Wednesday, 29 May 2013

Israel: Syria has not yet received S-300s but when they arrive, watch out

Israel has determined that the S-300PMU2 air defense system was not yet delivered to Syria.

Officials said the Israeli intelligence community has assessed that the regime of President Bashar Assad did not acquire any S-300 batteries from Russia. They said, however, that the Kremlin issued commitments to honor a 2010 contract for the delivery of up to four systems to Assad’s military.

“The deliveries have not taken place, I can attest to this, and I hope they do not,” Israeli Defense Minister Moshe Ya’alon said. “But if, by some misfortune, they arrive in Syria, we will know what to do.”

In a briefing on May 28, Ya’alon disclosed details of the Israeli-Russian summit in mid-May 2013. The defense minister said concern over an S-300 delivery to Assad marked a major topic during the visit by Israeli Prime Minister Benjamin Netanyahu to Moscow.

Ya’alon said Russia still intended to deliver the S-300 to Damascus. He said the system, designed for an interception range of up to 200 kilometers, would threaten Israel.

“Regarding the S-300, the matter obviously came up because of Russia’s intention to provide Syria with this missile system,” Ya’alon said. “Clearly this move is a threat to us, even though at this point I cannot say that
there is a step-up in the shipment of the S-300.”

Officials dismissed reports in the Western media that the Kremlin has canceled the S-300 deal with Syria, estimated at $1 billion. On May 21, Israel Air Force commander Maj. Gen. Amir Eshel said Russia was overseeing the modernization of Assad’s military with advanced air defense systems.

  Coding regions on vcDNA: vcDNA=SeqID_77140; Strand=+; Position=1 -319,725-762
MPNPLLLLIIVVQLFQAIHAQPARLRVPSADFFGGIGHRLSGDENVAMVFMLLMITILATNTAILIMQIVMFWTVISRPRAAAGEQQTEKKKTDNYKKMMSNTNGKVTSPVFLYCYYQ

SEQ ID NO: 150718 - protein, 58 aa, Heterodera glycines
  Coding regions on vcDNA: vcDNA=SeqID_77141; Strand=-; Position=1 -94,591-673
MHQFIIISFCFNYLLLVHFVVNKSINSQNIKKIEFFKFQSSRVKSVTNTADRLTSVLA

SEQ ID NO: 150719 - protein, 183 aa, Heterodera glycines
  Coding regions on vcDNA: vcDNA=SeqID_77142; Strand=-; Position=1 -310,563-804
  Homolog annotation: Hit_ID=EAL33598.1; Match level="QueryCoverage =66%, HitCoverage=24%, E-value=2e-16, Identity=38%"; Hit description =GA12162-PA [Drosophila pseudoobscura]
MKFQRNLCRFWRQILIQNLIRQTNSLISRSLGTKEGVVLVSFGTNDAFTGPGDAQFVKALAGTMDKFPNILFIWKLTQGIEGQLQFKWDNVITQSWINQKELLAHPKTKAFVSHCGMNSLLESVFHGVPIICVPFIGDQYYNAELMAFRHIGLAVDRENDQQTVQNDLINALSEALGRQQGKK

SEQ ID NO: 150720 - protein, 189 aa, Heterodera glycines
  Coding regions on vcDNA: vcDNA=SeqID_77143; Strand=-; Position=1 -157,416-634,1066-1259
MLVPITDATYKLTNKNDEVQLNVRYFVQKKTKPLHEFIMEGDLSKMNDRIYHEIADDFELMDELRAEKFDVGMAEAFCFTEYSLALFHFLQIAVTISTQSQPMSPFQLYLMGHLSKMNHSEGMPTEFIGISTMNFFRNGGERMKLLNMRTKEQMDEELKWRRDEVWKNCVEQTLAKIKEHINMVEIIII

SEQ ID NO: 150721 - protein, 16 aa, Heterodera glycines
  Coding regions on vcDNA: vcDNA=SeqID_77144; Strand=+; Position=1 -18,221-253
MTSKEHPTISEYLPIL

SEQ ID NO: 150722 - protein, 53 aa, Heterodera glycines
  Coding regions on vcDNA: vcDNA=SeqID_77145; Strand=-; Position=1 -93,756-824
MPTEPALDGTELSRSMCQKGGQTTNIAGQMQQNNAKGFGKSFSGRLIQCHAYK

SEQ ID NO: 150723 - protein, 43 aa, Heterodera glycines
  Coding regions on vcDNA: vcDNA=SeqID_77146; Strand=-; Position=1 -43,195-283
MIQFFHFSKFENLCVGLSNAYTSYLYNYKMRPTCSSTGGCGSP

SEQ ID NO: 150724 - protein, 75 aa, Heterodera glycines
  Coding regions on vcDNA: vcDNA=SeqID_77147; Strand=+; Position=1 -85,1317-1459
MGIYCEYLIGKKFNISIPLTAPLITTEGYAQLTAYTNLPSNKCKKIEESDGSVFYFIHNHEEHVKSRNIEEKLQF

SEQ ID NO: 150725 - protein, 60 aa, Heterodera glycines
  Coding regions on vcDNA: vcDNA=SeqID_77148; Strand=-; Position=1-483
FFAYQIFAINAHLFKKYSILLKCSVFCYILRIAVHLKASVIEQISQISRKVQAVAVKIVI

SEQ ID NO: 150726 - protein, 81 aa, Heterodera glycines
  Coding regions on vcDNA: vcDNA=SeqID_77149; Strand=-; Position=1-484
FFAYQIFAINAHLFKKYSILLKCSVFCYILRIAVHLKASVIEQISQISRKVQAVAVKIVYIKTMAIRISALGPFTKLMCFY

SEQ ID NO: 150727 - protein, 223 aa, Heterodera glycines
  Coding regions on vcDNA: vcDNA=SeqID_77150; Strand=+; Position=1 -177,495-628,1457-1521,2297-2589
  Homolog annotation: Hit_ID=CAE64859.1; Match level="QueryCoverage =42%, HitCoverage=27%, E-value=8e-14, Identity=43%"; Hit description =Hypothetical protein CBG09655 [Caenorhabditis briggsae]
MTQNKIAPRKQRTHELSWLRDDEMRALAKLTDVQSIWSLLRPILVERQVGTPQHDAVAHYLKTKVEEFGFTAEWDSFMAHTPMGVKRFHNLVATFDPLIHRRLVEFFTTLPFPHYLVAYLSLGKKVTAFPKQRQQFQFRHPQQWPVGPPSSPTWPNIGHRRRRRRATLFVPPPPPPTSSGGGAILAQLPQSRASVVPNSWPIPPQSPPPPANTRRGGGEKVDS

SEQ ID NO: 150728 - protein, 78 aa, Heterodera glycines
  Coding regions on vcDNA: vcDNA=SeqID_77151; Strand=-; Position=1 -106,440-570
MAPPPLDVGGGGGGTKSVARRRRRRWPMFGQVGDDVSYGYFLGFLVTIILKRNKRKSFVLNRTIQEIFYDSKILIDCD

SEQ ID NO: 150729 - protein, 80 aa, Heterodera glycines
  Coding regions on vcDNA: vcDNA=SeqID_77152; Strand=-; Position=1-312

“From the small budget that Assad has, he has spent billions in the past few years to buy the best systems that the Russians can produce — the SA-22, SA-17, SA-24, the S-300 which is on it’s way,” Eshel said.

On May 28, Russian Deputy Foreign Minister Sergei Ryabkov said Moscow would deliver an advanced variant of the S-300. The statement, coming a week after Russia’s foreign minister denied such plans, said the S-300 would deter enemies of the Assad regime.

“We think this delivery is a stabilizing factor, and that such steps in many ways restrain some hotheads from exploring scenarios in which this conflict could be given an international character with participation of
outside forces,” Ryabkov said.

Officials said the S-300 or components could be located in southern Syria or Lebanon in cooperation with the Iranian-sponsored Hizbullah. They said this would enable Iran, Hizbullah and Syria to monitor all civilian and most military aircraft in the Jewish state.

“They [Russia] are encouraging support to a brutal regime,” Israeli Strategic Affairs Minister Yuval Steinitz said.

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